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UVic halts new hires to avoid deficit

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The University of Victoria's campus is again buzzing with students, but a shortfall of them during the pandemic and an ongoing lack of international students means tuition revenue is down.

Hope Armstrong is a fourth-year student in the marine biology program. She says classroom instructors are already stretched thin.

"In the labs, there's always shortages of TAs and profs are always overloading their classes trying to compensate," said Armstrong on Monday.

The school blames the decline in international students on a hangover from COVID-19, as well as inflation, a housing shortage and delays processing international visas.

The university is dealing with a forecasted deficit of $17 million and has asked for campus-wide budget cuts of six per cent. It is also imposing sweeping limitations on new hires, both for academic and non-academic positions.

"We’ve taken immediate steps to control expenses, including a pause and review on all new hiring," the university said in a statement. "This includes hiring only in critical or high-priority positions in the short term and looking for areas to reduce some expenses beyond that."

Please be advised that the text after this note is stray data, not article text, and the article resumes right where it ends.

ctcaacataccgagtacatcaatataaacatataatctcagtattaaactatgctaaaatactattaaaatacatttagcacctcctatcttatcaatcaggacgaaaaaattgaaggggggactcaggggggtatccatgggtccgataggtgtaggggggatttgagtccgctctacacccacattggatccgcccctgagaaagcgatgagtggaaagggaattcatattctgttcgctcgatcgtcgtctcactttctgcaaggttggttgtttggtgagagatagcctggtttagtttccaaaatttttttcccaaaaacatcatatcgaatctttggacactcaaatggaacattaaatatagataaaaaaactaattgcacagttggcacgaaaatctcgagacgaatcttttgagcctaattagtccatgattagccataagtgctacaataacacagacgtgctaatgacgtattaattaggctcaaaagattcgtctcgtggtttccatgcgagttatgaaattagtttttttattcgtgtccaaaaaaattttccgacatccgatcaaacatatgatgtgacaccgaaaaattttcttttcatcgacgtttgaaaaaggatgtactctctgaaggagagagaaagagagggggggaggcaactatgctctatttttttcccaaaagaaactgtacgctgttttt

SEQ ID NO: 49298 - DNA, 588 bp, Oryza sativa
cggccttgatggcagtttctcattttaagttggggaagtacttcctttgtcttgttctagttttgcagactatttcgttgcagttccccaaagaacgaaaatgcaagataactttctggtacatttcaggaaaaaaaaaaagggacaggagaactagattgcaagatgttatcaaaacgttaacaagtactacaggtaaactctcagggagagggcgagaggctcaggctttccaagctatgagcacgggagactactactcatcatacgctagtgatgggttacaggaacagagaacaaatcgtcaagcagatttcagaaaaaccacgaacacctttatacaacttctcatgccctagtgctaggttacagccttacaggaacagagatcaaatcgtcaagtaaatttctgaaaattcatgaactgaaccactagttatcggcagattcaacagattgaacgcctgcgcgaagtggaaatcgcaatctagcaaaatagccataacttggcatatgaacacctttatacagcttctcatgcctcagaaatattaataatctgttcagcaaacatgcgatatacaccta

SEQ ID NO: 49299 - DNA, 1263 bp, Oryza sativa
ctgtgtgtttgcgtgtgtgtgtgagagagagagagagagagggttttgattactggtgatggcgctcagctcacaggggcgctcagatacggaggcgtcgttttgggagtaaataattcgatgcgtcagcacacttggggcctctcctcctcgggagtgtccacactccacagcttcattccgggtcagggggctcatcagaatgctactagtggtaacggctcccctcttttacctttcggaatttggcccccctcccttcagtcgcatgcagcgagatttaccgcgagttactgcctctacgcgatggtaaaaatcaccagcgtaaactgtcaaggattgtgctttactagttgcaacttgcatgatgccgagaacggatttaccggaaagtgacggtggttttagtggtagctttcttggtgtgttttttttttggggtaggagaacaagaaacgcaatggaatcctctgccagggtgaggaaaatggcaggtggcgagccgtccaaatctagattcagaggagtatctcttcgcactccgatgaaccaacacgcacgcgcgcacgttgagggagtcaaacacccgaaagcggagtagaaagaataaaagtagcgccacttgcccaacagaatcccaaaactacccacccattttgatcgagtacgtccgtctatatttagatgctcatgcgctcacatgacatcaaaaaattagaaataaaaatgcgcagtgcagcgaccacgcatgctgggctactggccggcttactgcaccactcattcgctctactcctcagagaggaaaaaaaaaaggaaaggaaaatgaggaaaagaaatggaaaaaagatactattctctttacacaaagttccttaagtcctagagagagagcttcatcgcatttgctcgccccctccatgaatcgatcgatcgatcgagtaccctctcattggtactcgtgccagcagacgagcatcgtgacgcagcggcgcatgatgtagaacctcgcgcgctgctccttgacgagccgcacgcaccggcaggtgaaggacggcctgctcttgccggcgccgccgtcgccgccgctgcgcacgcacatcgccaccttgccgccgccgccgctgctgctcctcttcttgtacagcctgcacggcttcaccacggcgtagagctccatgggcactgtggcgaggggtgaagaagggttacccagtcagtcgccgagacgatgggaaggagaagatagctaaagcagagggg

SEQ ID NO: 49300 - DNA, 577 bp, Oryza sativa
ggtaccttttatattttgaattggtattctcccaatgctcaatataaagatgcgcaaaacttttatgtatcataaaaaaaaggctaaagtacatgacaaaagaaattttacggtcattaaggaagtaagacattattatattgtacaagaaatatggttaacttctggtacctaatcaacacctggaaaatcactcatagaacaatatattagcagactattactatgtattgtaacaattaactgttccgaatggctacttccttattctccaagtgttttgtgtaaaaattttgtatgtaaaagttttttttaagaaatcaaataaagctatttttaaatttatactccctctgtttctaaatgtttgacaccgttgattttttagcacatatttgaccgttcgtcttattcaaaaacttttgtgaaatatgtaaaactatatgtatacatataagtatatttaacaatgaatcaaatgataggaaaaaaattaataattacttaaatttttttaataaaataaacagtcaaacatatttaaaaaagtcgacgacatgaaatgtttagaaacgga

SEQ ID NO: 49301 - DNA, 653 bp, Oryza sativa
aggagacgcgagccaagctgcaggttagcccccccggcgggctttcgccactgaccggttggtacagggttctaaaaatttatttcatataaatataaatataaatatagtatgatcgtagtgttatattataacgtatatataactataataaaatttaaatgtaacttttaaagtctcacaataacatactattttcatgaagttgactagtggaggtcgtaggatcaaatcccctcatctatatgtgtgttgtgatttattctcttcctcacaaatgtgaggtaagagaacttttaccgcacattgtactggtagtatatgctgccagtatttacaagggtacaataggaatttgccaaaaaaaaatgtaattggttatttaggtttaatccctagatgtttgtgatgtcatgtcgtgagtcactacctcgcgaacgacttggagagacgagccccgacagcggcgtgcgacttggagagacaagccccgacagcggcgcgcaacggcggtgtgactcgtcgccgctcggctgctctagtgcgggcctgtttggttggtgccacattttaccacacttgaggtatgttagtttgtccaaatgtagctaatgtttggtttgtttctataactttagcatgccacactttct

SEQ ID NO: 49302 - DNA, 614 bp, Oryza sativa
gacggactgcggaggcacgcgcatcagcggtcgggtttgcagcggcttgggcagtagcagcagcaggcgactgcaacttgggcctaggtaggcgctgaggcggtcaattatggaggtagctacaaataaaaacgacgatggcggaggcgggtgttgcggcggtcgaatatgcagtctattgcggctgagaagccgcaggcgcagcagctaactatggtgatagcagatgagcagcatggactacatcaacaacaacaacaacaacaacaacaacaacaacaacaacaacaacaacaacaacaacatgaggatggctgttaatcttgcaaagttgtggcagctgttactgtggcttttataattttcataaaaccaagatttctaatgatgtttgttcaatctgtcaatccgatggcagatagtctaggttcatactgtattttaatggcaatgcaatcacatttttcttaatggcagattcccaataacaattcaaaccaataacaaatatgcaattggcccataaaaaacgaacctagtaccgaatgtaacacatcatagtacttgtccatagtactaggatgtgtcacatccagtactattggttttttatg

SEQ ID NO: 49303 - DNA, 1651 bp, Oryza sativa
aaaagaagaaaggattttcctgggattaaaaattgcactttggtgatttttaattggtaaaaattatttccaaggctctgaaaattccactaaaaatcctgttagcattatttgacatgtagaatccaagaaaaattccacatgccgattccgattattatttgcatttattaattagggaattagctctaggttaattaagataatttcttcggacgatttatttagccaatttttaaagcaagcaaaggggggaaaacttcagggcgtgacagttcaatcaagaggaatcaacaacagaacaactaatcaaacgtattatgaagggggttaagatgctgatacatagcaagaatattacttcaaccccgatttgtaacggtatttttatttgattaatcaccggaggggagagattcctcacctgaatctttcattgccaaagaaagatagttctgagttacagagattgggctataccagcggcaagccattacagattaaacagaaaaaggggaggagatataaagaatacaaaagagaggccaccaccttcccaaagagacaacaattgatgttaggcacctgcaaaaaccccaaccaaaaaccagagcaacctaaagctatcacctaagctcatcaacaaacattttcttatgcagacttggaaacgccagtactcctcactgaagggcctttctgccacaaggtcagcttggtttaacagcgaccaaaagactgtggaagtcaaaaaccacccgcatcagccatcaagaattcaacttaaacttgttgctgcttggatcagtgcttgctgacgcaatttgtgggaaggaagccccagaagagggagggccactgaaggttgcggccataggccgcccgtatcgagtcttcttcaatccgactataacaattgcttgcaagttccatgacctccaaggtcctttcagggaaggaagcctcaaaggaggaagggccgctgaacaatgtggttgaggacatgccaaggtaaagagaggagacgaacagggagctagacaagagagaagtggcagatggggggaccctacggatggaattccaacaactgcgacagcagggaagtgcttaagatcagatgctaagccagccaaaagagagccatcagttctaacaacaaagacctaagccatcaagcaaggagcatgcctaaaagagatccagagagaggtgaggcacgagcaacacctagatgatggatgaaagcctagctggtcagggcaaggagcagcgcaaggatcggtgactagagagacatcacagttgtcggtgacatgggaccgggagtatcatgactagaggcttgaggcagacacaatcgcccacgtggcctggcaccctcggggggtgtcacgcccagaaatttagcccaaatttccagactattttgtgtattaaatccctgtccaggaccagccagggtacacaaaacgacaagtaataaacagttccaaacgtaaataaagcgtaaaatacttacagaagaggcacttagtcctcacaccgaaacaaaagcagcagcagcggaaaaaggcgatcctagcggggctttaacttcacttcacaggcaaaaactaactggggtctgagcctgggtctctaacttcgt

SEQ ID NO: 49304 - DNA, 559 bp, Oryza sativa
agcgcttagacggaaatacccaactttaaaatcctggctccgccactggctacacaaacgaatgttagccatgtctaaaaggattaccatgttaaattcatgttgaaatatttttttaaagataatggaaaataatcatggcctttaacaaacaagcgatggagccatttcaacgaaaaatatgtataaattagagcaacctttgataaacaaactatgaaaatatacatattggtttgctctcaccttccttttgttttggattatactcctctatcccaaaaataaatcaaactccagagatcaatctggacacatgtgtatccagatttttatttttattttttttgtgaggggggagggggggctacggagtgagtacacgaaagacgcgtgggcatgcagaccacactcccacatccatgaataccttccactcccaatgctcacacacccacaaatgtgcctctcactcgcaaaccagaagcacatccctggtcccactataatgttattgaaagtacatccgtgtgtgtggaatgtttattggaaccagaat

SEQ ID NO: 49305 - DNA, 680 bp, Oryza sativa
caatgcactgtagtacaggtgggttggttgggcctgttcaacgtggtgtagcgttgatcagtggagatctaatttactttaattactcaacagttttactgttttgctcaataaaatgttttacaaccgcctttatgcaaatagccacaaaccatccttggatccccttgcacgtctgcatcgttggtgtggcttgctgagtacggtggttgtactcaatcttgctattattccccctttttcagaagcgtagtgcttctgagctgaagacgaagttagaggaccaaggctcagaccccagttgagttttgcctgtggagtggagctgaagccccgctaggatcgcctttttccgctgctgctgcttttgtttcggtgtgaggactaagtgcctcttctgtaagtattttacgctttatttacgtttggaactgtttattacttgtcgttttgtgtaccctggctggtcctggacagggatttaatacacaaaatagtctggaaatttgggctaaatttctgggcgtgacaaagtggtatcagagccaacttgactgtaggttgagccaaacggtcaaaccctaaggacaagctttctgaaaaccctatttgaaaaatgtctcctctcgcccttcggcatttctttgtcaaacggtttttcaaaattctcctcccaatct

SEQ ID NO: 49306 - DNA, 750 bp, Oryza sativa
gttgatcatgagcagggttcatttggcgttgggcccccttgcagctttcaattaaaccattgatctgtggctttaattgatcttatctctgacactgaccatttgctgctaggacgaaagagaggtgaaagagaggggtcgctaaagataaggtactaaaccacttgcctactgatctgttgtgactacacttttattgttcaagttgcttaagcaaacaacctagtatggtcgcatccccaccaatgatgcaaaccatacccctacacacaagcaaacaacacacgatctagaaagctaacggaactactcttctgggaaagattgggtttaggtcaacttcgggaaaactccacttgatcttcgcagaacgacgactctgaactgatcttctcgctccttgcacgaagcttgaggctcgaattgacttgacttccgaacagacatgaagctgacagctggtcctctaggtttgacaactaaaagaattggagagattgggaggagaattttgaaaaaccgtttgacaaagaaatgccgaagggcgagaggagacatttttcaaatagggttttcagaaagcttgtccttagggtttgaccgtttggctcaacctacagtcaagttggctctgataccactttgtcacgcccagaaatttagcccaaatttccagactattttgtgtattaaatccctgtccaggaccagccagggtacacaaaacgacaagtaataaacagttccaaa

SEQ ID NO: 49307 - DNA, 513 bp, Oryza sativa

Multiple students who CTV News spoke with expressed concern that the school was implementing a temporary halt on hiring new staff.

It’s not just students being impacted. Employees say putting the brakes on most new hires, along with potentially a halt on buying new equipment, will hurt.

Kirk Mercer is the president of the local CUPE union, which has approximately 900 full- and part-time employees at UVic.

He says the union’s members had been optimistic that workloads and stress were improving as we moved out of the pandemic, but this latest news is discouraging. "Pushing back to doing more with less, which unfortunately we’ve been doing for far too long," said Mercer.

Decreased enrollment coming out of the pandemic is also being blamed in Nanaimo, where Vancouver Island University says it's forecasting a deficit of $5.3 million this year.

Post-secondary schools aren't allowed to run deficits without the province’s approval. The province says VIU hasn't applied yet for approval to run a deficit. Staff at VIU tell CTV News that the school is working closely with the school on its financial plans to return to a balanced budget.

Meanwhile North Island College says it started the school year with a deficit of approximately $800,000 — a shortfall it too attributes to recovery from the pandemic.

Royal Roads University says it does not forecast a deficit this year.

As for UVic and its shortfall, the school has advised CUPE leadership it expects its cost-cutting measures to be finished by the spring.

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